The following is a letter from William Lux to his children in Mt. Washington, Bullet Co., Ky. from Indiana dated March 23, 1823. Copied exactly as written except the part where I eliminated one word which I didn't want to put on the internet.
(Note: mispelling and poor punctuation is shown as is on the original letter)
Dear children this is from your tender parents and addressed to you all without exceptions we are all well and hope this will find you in the same state. We live well and have plenty. Nothing gives us any uneasyness but being seperated from you all. Your mother is determined to come and see you all this summer therefor we should be happy if some of you could come and see us in the month of May or June. We receved William's letter of March 1st and was all well pleased to hear from you. I hope you will not fail to write every opportunity. Your sister Polly is well and growes fast and can write a tolerable good hand. As for our daughter Betsy we are not the least uneasy about her welfare as we hope she will always be governed by the good advice of her brothers and her sister in law.
Jacob Brown and family is all well and wish to be remembered to you and Peggy has another fine son about too months old and calls his name Robert. Now my too young sons I wish to give you both my advice, in the first place I wish you not to neglect your education. Strive to obtain all the instruction you possibly can tho you should suffer for other things of lifes value for I consider a young man without learning like the unpolished dimon in the mine. It sheweth none of it's luster in the reset place. Pay close attention to the business which your instructor shall teach you and pay due attention to his rules and precepts. I have gone through the like servitude with pleasure and credit I found myself my own master full soon for my discretion I wish you both can do as well for your own interest and reputation as I have don for mine when I was of your age, for I could not think it honest or creditable to do anything to wrong my master.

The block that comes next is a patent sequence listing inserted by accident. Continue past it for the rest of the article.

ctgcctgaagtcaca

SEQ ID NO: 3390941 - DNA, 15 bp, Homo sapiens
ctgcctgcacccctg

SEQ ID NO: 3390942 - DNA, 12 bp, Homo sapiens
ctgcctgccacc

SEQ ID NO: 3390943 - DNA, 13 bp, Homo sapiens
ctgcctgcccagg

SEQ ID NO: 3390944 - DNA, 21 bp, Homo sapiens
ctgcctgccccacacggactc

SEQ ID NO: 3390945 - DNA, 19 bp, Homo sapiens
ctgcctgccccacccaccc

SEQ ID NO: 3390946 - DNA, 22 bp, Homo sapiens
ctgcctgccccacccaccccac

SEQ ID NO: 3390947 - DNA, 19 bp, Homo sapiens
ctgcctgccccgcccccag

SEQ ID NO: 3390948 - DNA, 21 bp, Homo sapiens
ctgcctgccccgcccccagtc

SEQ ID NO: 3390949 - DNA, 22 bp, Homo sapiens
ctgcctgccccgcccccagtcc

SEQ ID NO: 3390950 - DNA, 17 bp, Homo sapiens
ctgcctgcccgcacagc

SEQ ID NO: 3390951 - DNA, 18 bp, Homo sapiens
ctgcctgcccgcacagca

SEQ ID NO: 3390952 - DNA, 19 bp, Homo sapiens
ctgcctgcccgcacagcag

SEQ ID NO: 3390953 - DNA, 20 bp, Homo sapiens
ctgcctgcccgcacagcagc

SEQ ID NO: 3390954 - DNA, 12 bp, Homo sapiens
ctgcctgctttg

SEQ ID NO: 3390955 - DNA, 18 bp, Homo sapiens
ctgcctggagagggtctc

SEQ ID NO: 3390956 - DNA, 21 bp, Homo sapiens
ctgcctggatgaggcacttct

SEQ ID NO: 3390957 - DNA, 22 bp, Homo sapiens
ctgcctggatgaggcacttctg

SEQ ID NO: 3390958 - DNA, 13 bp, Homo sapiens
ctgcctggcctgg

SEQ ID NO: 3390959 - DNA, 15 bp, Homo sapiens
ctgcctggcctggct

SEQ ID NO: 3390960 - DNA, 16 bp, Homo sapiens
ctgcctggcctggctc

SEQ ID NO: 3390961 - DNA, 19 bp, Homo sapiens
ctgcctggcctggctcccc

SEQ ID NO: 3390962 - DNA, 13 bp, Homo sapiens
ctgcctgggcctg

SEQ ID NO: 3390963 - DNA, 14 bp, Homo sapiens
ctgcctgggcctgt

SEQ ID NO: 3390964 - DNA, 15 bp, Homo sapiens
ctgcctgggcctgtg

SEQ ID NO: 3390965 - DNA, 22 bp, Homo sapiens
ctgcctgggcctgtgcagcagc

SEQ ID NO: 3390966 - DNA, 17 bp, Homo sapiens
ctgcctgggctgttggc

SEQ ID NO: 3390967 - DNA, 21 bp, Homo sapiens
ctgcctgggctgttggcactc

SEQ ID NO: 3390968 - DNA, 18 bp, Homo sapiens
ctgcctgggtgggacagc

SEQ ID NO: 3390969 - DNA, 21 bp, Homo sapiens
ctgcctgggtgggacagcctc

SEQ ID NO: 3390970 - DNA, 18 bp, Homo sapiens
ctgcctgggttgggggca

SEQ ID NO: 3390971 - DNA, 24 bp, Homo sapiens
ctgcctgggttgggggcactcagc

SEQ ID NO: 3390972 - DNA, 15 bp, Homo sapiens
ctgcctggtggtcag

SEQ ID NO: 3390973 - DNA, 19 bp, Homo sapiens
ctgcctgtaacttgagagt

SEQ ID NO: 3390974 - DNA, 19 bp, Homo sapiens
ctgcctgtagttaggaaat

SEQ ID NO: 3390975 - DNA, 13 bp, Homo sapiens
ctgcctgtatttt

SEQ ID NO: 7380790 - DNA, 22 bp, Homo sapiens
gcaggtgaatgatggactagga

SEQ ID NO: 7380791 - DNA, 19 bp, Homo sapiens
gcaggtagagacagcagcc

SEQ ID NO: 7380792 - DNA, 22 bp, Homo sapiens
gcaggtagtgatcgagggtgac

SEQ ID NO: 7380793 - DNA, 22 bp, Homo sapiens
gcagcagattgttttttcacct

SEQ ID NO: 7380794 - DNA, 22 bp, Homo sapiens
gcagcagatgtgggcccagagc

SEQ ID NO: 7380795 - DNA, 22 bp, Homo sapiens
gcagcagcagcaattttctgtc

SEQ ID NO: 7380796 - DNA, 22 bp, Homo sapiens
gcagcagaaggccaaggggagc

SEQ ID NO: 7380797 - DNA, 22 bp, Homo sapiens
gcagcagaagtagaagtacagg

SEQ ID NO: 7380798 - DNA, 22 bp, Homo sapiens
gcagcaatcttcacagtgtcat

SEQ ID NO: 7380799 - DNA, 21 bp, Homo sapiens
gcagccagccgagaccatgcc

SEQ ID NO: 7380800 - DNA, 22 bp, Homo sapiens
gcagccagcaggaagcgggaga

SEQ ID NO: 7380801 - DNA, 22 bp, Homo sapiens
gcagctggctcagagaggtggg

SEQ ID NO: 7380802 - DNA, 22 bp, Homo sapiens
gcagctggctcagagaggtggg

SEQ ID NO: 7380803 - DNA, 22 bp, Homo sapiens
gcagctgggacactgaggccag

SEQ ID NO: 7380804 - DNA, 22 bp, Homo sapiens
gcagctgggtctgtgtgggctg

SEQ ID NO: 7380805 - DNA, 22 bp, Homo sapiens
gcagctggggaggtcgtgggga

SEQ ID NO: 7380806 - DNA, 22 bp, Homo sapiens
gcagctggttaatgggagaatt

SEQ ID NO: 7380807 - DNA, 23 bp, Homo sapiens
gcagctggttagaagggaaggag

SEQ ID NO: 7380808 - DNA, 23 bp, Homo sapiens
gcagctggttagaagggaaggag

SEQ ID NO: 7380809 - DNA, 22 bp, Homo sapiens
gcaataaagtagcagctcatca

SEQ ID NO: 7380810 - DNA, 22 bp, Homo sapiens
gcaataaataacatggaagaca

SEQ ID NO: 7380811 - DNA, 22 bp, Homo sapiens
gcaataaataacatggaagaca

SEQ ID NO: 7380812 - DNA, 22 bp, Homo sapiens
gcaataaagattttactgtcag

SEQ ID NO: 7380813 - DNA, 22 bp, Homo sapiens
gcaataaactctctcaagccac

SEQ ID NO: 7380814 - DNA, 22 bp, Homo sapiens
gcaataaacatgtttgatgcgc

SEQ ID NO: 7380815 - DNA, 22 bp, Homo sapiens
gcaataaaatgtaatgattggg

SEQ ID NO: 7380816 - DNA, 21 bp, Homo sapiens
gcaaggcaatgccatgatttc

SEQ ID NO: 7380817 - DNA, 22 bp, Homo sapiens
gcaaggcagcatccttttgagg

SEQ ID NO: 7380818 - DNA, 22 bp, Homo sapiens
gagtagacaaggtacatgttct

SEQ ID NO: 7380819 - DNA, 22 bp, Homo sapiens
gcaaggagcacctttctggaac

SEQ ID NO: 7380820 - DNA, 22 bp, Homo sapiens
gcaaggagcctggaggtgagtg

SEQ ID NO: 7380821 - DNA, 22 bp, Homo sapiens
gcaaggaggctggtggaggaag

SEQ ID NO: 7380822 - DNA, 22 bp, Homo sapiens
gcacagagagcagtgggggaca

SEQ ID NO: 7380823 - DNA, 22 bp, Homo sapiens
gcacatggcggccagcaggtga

(One line here unable to read.) You will probably have considerable dealing in your business. Be particular in the choice of your friends. Also take great care to shun all bad company for the proverb is certainly true that the man is known by the company he keeps. And now I beg by love you would take care of your constitutions. Be aware of running foul of harlots they are like maremaids (sic) that set on the roks (sic) in the sands of the sea and showe (sic) fair faces for the destruction of seamen therefor steer your corse clear of all such brimstone b-----s. Shun going to law as you would shun the devil and look on all lawyers as devoring or ravinous beasts of pray. I have always flattered myself that my children did not want sense and know I have not bin deceived, therefore it will be my greatest pleasure to find that you will appreciate it to the best advantage.
No more- but we remain your affectionate parents till death
March 23, 1823 William and Elizabeth Lux
To you all- John Lux William Lux Ephriam Lux, Washington Wilson Elizabeth Lux Nancy Wilson Rachel Lux
(Note: John Lux was married to Rachel Osborne, whom William referred to as Betsy's"sister in law"; Nancy Lux was married to Washington Wilson; Elizabeth Lux was a daughter to William and Elizabeth)
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